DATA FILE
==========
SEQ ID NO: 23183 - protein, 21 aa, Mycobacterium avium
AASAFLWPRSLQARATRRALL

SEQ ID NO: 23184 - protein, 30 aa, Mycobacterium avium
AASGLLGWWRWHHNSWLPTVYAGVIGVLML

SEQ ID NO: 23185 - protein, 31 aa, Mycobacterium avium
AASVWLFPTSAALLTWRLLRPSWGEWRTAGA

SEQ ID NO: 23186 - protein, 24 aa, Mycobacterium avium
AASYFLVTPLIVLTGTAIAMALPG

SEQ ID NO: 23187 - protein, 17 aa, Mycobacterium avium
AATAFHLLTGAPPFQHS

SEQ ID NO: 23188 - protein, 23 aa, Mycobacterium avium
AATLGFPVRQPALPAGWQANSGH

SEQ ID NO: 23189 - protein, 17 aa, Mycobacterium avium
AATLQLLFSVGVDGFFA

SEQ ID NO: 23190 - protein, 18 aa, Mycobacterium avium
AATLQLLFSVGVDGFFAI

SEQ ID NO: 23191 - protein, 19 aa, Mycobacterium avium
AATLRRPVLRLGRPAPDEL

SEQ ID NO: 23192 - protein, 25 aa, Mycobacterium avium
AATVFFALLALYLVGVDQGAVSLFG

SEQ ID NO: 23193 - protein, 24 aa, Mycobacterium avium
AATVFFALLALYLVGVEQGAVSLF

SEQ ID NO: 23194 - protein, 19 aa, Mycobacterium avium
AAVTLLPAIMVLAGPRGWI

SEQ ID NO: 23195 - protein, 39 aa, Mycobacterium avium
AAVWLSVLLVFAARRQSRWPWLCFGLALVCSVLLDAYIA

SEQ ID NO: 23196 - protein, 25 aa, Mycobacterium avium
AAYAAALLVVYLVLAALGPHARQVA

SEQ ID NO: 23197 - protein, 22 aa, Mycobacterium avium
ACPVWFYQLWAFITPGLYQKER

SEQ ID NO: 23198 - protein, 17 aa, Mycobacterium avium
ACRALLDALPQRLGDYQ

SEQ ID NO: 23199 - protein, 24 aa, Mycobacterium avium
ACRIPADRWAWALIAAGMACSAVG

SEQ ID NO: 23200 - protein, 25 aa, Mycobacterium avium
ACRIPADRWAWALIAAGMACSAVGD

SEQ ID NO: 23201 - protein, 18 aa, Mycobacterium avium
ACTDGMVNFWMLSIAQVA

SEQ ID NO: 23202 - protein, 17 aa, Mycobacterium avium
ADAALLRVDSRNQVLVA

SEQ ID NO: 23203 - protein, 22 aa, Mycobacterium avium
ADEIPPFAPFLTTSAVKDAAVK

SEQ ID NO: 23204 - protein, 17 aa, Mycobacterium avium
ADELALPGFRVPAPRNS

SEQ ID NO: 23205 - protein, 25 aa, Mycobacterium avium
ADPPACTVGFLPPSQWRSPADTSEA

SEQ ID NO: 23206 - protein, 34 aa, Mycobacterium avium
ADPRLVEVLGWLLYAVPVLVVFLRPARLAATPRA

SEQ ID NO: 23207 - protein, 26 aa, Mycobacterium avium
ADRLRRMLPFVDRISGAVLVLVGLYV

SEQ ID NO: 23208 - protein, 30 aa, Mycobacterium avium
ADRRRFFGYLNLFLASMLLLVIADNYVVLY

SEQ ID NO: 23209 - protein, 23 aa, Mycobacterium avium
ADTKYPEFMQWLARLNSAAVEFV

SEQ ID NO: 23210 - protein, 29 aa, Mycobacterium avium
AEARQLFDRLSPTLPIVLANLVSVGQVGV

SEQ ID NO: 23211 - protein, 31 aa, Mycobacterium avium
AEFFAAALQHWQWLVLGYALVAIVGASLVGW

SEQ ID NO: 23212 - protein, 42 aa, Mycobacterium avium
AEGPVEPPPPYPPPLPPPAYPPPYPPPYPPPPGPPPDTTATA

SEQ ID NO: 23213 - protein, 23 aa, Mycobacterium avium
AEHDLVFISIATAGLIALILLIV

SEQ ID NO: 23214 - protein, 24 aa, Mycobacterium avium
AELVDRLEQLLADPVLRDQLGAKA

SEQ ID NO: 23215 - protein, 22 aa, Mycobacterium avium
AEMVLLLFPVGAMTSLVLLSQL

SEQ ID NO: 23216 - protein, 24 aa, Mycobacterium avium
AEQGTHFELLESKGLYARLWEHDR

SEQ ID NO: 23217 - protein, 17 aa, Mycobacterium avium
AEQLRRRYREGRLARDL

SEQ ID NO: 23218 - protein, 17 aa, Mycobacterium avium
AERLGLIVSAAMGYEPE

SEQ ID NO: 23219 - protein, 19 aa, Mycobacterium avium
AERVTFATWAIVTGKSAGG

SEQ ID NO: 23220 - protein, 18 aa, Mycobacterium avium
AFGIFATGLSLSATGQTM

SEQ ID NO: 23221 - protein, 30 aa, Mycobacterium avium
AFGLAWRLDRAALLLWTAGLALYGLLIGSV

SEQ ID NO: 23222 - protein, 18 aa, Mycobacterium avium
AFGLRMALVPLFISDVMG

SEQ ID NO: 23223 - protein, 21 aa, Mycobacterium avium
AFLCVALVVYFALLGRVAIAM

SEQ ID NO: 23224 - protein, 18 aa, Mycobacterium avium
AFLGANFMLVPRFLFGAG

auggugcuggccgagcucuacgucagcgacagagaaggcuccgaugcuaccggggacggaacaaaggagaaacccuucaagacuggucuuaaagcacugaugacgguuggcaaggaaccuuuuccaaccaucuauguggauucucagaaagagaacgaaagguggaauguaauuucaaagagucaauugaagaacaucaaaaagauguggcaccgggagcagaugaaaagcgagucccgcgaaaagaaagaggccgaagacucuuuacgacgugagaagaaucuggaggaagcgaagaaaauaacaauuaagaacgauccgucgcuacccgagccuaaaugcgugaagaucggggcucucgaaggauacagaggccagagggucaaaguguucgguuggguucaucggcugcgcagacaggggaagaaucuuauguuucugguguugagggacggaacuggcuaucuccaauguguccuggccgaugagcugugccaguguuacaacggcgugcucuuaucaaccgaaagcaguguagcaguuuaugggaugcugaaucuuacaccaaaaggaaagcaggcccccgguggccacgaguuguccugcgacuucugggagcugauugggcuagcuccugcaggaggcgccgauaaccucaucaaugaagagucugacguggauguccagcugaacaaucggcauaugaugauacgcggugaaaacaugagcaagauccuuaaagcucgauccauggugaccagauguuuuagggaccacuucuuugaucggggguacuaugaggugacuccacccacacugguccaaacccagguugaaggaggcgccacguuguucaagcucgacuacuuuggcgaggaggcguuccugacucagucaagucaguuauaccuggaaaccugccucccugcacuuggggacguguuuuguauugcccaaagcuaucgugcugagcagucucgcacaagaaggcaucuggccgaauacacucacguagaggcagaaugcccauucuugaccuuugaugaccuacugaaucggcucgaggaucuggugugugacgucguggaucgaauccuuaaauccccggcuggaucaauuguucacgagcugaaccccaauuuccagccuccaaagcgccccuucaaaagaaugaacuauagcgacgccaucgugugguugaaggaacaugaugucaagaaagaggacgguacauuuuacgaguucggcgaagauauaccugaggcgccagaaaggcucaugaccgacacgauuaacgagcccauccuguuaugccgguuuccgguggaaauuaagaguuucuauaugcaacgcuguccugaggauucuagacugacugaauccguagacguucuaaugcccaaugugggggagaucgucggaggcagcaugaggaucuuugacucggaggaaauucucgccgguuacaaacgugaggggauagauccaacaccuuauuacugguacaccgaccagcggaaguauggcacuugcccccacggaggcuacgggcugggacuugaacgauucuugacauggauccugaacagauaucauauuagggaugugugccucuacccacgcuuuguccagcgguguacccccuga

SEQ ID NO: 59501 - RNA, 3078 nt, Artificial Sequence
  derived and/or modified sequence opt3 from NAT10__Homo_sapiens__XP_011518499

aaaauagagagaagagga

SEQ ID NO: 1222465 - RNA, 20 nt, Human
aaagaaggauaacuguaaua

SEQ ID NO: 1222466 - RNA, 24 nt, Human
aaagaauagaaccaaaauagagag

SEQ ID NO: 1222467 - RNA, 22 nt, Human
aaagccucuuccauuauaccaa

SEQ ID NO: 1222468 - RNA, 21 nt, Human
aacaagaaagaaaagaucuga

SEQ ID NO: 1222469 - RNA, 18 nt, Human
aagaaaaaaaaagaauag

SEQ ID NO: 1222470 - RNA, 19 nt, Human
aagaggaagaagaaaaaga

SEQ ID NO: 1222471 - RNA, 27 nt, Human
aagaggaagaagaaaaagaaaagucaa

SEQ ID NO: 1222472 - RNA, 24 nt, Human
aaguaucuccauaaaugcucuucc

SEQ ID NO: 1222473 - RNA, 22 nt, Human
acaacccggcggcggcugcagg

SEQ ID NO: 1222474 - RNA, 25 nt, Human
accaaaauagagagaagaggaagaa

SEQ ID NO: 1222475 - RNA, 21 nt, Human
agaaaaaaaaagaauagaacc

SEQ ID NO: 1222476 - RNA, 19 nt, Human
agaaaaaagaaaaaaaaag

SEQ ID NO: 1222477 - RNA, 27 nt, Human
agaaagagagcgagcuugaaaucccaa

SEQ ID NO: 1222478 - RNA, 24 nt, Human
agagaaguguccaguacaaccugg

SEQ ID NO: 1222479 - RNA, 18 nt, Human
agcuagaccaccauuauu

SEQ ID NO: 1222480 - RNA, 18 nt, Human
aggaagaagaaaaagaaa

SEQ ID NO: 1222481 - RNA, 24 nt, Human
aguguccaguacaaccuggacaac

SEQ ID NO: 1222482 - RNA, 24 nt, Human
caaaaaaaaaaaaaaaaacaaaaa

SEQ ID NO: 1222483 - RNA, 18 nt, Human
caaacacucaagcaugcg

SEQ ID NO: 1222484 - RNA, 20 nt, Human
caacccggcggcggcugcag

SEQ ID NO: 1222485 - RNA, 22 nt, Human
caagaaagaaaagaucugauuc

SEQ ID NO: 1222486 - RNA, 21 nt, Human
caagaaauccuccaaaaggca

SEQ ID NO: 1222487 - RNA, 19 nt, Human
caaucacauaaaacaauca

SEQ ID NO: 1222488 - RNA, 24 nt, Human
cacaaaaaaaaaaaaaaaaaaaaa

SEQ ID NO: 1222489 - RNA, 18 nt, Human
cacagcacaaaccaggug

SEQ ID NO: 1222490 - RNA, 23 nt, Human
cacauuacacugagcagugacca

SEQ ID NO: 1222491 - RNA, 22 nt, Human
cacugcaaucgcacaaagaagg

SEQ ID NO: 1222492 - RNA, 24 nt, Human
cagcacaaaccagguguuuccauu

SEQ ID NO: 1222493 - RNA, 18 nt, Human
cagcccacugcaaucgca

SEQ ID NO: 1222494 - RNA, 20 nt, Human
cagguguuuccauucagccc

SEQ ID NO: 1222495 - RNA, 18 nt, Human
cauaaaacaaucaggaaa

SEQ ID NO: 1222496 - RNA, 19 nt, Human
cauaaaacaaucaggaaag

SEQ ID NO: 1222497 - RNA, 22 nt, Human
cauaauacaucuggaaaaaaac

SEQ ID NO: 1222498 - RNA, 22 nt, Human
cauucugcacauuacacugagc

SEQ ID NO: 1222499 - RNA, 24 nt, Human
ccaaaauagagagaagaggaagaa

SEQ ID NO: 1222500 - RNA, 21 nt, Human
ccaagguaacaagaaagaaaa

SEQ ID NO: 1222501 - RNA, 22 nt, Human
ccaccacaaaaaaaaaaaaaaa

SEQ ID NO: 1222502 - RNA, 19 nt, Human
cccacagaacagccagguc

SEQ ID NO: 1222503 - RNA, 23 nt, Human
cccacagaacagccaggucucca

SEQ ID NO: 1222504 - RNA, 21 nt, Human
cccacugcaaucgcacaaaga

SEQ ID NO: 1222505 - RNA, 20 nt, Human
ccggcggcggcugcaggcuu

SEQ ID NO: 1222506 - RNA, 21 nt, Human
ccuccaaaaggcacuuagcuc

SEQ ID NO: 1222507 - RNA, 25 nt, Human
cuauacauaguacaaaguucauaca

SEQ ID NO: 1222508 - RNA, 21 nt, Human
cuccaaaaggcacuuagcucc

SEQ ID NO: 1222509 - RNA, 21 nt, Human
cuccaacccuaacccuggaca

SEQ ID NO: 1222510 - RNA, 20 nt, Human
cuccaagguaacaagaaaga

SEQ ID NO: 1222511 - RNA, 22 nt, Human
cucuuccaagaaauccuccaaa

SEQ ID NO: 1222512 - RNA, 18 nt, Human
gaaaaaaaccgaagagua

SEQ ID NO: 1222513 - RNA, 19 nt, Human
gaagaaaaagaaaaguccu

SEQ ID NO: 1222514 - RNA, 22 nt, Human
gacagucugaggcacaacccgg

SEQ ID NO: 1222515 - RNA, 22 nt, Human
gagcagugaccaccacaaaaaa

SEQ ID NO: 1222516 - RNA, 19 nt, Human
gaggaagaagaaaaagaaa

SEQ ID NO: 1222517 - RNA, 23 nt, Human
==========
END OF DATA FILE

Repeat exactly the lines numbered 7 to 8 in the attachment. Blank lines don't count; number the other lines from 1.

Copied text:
SEQ ID NO: 23186 - protein, 24 aa, Mycobacterium avium
AASYFLVTPLIVLTGTAIAMALPG